“Winelight” Was Grover’s Greatest Groove

When jazz musicians pass away there’s an unfortunate tendency to put them in one of two categories, the never to be forgotten giants and then there’s everyone else. For the few artists who enjoyed a degree of mainstream success, if not always critical acclaim, they are forgotten fastest. This is not right.

When Grover Washington, Jr. passed away in 1999 the jazz world lost one of its most successful and talented creators, and in his wake a slew of saxophonists have stepped up to fill the void. None have. Philadelphia jazz deejay Bob Perkins said, of Washington, a native of the City of Brotherly Love, “He was the originator of smooth jazz, and all the rest—Najee, Kenny G—followed him.”

It is absolutely true that Washington was, along with George Benson, one of the founding fathers of smooth jazz and after the monster hit that was the Grammy-winning Winelight it wasn’t long before the saxophone became, along with the electric guitar, the two most preeminent instruments in the genre. For better or worse (and there’s an argument to be made for either side), Washington blazed a trail many others have followed, with varying degrees of success.

Within the crowed group of smooth jazz saxophonists there are a few originals following their own muse and blazing their trails of their own. Regretfully, the majority of bland cookie cutter clones slavishly hacking out infinite versions of the R&B/jazz fusion of “Mister Magic” and “Just the Two of Us” without bringing anything fresh to the table. Smooth jazz is stuck in a rut of safe sax where nothing is risked and nobody wants to step out of their comfort zone. Real jazz is all about taking risks, not playing it safe.

Washington was not so much a daring innovator as much as he was a solid musician who had paid his dues as part of Creed Taylor’s CTI and Kudu record labels, where the music was glossy and the album jackets were distinctive. Washington was labelmates with Benson, Stanley Turrentine, Freddie Hubbard, Bob James, Hubert Laws and Esther Phillips to name but a few of the artists on the CTI roster.

With his move to Elektra Records, in 1980 Washington uncorked Winelight. Predictably, it reached number one on Billboard’s Top Jazz, but then it crossed over to other charts. The album went to number five on Billboard’s Pop Albums, number two Top Soul Albums and “Just the Two of Us” reached number two on the Billboard Hot 100, and stayed there for three weeks. The album would go on to win two Grammy awards.

The quiet greatness of Winelight has not faded 35 years after its release. It’s far and away the best album of Washington’s long career. The slip n’ slide funk of “Mister Magic” put Washington on the map, but Winelight was the evidence he could flat out play.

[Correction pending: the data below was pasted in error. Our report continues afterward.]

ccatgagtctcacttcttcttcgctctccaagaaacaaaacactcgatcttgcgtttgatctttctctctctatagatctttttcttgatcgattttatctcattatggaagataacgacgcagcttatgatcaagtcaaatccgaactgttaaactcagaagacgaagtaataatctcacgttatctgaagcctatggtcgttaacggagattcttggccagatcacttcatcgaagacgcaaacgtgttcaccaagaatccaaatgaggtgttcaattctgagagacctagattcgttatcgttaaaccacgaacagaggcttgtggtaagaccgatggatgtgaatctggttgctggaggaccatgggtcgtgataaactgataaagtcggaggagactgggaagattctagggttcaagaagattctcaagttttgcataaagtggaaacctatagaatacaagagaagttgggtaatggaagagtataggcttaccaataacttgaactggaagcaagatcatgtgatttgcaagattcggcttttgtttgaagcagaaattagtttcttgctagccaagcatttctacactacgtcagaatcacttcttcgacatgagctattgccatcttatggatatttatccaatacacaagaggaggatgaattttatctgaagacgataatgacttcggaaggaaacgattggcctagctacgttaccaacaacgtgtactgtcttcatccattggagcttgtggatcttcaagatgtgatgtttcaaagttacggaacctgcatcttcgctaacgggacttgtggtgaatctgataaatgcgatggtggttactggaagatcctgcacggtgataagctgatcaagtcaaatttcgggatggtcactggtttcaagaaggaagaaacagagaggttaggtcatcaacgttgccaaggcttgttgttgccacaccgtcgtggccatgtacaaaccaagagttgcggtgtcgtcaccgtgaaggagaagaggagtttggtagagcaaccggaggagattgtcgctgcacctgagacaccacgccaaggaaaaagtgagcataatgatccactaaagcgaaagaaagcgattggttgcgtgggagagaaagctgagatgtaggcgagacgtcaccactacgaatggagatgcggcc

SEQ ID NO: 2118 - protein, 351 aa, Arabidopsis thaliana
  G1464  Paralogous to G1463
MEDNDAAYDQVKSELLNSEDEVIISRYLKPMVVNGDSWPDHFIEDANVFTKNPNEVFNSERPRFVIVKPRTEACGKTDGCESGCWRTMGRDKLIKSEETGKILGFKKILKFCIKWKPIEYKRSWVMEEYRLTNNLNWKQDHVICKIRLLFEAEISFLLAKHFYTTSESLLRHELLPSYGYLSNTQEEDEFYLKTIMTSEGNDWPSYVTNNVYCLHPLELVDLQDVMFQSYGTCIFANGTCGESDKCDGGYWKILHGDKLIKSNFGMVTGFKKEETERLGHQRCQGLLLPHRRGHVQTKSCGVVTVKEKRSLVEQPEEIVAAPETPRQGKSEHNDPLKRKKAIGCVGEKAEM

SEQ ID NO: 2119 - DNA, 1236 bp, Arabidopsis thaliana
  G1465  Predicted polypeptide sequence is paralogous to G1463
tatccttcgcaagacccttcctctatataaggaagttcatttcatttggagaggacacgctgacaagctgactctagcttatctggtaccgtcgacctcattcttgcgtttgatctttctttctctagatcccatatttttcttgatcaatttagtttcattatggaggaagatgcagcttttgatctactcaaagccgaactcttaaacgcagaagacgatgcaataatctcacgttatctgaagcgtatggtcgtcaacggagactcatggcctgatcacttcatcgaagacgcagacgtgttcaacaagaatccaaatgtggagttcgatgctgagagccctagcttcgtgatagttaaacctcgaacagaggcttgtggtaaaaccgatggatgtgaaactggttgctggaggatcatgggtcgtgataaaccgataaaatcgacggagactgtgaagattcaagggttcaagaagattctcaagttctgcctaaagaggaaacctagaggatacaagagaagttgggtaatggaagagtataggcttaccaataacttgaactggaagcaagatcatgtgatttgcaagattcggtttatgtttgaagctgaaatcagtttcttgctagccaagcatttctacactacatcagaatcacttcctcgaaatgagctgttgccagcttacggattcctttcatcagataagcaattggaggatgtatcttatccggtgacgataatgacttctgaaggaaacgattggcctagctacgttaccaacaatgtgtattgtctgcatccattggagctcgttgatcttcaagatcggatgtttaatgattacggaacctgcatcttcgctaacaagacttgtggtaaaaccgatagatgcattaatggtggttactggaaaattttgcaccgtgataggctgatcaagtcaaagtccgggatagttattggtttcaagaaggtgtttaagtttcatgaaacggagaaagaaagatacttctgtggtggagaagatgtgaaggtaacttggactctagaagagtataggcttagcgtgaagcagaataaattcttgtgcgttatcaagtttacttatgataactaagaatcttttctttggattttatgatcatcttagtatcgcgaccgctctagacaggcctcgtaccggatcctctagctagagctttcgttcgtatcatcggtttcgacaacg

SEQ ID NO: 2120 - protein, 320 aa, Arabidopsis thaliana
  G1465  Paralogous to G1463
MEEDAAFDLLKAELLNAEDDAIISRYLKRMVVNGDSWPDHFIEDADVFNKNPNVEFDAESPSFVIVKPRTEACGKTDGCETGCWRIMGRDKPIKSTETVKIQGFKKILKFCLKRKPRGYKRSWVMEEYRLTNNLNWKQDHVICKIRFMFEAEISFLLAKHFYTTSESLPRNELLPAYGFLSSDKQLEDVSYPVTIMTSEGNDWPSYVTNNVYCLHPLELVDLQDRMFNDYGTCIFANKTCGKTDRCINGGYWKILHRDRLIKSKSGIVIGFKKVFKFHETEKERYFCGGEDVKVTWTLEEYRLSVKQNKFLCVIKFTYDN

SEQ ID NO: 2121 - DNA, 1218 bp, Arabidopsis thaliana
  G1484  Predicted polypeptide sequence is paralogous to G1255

Washington would go on to record 11 more albums before his horn fell silent, but none approached the all-time high of Winelight. Not much of Washington’s extensive catalog garners much airplay beyond “Mister Magic,” “Let It Flow” and “Just the Two of Us,” and that’s a shame because he continued to make some interesting albums at Columbia which deserve to be heard. Perhaps this new reissued and limited edition multichannel 5.1 SACD release will rekindle a discovery of the extensive Washington discography.

The Surround Sound remix was produced by Ralph MacDonald, the renowned percussionist who also co-wrote “Just the Two of Us” and shared production duties on Winelight with Washington. MacDonald died in 2011. Other notable musicians include drummer Steve Gadd, guitarist Eric Gale and a 21-year-old wizard on bass by name of Marcus Miller.

The only complaint with the remastered release is the absence of any bonus tracks or new liner notes. It is a missed opportunity not to offer some details and insights into the recording process or how Washington and McDonald convinced the reclusive Withers to provide the vocals for “Just the Two of Us.”

When most lists of the Top 25 Jazz Albums of All Time are compiled, Winelight is nowhere to be seen. It likely wouldn’t make the top 100 for the truly hardcore fan who likes their music with a rougher edge than smooth jazz provides. No way does it knock a Kind of Blue, A Love Supreme, Time Out or Blue Trane off the list, but when the list includes the 25 most influential jazz albums, Winelight belongs in there as much as Head Hunters or Breezin’ for taking jazz into a brand new direction even if everybody wasn’t happy with where it went.

Track Listing: Winelight; Let It Flow (for “Dr. J”); In the Name of Love; Take Me There; Just the Two of Us; Make Me A Memory (Sad Samba).

Personnel: Grover Washington, Jr.: soprano, alto, tenor saxophone; Bill Withers: vocals (5); Ralph McDonald: congas, percussion; syndrums; Steve Gadd: drums; Marcus Miller: bass; Eric Gale: guitar; Paul Griffin: Fender Rhodes (2, 4), clavinet (1); Richard Tee: Fender Rhodes: (3, 5); Bill Eaton: synthesizer (5); Ed Walsh: Oberheim 8-voice synthesizer; Raymond Chew: clavinet (1); Robert Greenidge: steel drums (tuned by Rudolph Charles); Hilda Harris, Yvonne Lewis, Ullanda McCullough: background vocals.

Record Label: Audio Fidelity

Style: Contemporary/Smooth

This review originally published in a different form at All About Jazz.

 

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“Peter White” Does Not Like My Review of Peter White

“Jeff Winbush, at one of MY shows? Cheeky bugger.”

I’m of the mind that anyone who creates something for public consumption is subject to have whatever that something is critiqued.  Not every artist agrees with the assessment, but most don’t take the compliments or the criticism to heart.

Most, but not all as my recent review of the new Peter White album seems to demonstrate: